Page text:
Once parents decide to divorce, the next important decision is how the custody of the children will be handled. Many divorcing couples can work this out between themselves without any assistance from the court. However, there are some less amicable situations in which the court has to get involved when decisions cannot be made. Instead of taking the entire situation back to court, your attorneys may advise that you try a child custody evaluation first. The following are some things you need to know about a custody evaluation:
Who is the Evaluator?
The evaluator is often assigned by a judge. The parents may be able to choose from a selection of evaluators if they can come to an agreement on one. The attorneys for both parties to the divorce will also have to agree on the evaluator. If no one approves of the same evaluator, a private evaluator can be hired and paid for by both parents.
How is the Evaluation Conducted?
Once you have chosen an evaluator, you can expect several things to happen. First, both parents will be interviewed, along with the children in some circumstances. The evaluator will observe both parents interacting with the children individually. Based on the interactions of the parents and children, along with any additional documentation from the court file, the evaluator will complete a report on his or her findings and recommendations.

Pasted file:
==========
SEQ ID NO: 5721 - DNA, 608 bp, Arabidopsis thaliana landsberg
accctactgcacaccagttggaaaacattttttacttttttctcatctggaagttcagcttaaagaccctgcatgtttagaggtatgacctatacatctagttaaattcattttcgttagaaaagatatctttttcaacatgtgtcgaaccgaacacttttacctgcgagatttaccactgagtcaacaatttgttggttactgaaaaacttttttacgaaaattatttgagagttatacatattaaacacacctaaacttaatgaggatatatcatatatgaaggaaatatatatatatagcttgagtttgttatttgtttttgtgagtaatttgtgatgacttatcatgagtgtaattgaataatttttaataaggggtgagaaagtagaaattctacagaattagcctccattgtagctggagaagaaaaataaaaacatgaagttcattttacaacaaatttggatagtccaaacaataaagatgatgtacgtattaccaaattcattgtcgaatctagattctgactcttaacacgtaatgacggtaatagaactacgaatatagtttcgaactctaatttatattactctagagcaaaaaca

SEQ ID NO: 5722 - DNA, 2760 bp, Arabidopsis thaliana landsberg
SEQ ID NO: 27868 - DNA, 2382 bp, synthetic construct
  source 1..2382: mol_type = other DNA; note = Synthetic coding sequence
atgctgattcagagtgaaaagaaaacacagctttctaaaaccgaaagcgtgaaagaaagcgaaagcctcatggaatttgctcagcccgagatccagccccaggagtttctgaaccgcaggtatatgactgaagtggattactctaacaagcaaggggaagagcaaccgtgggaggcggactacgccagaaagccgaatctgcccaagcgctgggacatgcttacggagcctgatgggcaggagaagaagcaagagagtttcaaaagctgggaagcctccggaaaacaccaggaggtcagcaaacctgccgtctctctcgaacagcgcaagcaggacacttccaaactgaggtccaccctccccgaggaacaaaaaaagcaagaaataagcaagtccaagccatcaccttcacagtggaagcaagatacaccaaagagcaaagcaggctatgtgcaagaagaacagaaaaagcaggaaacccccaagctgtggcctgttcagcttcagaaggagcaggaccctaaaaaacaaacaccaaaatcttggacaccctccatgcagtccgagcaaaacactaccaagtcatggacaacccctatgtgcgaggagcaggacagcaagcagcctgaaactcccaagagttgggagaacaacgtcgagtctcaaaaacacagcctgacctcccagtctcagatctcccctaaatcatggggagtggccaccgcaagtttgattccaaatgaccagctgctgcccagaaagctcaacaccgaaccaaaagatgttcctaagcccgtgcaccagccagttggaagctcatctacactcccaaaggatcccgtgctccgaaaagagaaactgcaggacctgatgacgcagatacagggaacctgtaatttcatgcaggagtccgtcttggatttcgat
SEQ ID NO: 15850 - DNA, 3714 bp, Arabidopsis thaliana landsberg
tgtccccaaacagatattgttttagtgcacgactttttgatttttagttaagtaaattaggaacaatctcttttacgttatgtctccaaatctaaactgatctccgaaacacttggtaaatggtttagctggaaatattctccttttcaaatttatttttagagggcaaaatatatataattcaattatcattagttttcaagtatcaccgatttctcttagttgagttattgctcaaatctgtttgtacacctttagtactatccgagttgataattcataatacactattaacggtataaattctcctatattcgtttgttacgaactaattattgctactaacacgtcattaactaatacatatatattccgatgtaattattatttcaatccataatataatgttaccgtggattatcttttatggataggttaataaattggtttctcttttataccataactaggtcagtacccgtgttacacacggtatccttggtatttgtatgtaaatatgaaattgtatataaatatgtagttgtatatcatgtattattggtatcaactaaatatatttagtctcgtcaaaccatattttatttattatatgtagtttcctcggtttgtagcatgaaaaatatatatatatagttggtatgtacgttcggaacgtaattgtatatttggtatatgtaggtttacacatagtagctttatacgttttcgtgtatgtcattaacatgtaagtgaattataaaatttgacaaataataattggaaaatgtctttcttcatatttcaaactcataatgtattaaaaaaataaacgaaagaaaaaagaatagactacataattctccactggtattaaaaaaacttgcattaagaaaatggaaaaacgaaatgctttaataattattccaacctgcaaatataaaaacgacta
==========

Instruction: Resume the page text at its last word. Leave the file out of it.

What Should Be Expected in the Report?
Both parents will get a copy of the evaluator's report. In it, you will see the evaluator's ideas about custody and visitation. They can make recommendations regarding the need for family or individual therapy if needed. The evaluator will also make note of any problematic behaviors, such as substance abuse, lack of attention or other issues that can affect custody. The report will also include the evaluator's recommendation of an ideal custody arrangement that is in the best interest of the kids.
Keep in mind that the evaluator's recommendations are not mandatory. You do not have to heed his or her custody arrangement. It is just a neutral third party with the necessary credentials to help determine what would be best in any given situation. If you or the other parent does not agree, you can have a second evaluation done. You can also opt to have no further evaluations done and take the case back to court. The evaluation is just a tool that can help many parents avoid a costly court battle when possible. Speak with your divorce lawyer to learn more about this step.Share
26 February 2018
Like many people, I once found learning about law very intimidating. My brother went to law school and I remember glancing through a few of his books and wondering if I was actually reading English due to all of the legal jargon in them! However, when I ended up in a sticky legal situation due to accidentally breaking a small law I didn't know existed, I realized that I needed to learn more about the law, so I could make sure to follow it precisely in the future. My brother helped to break down some complicated legal concepts to me, and I have since been studying up online. I want to post what I have learned and continue to learn about law in the future on my new blog, so my knowledge cannot only help myself, but also help others!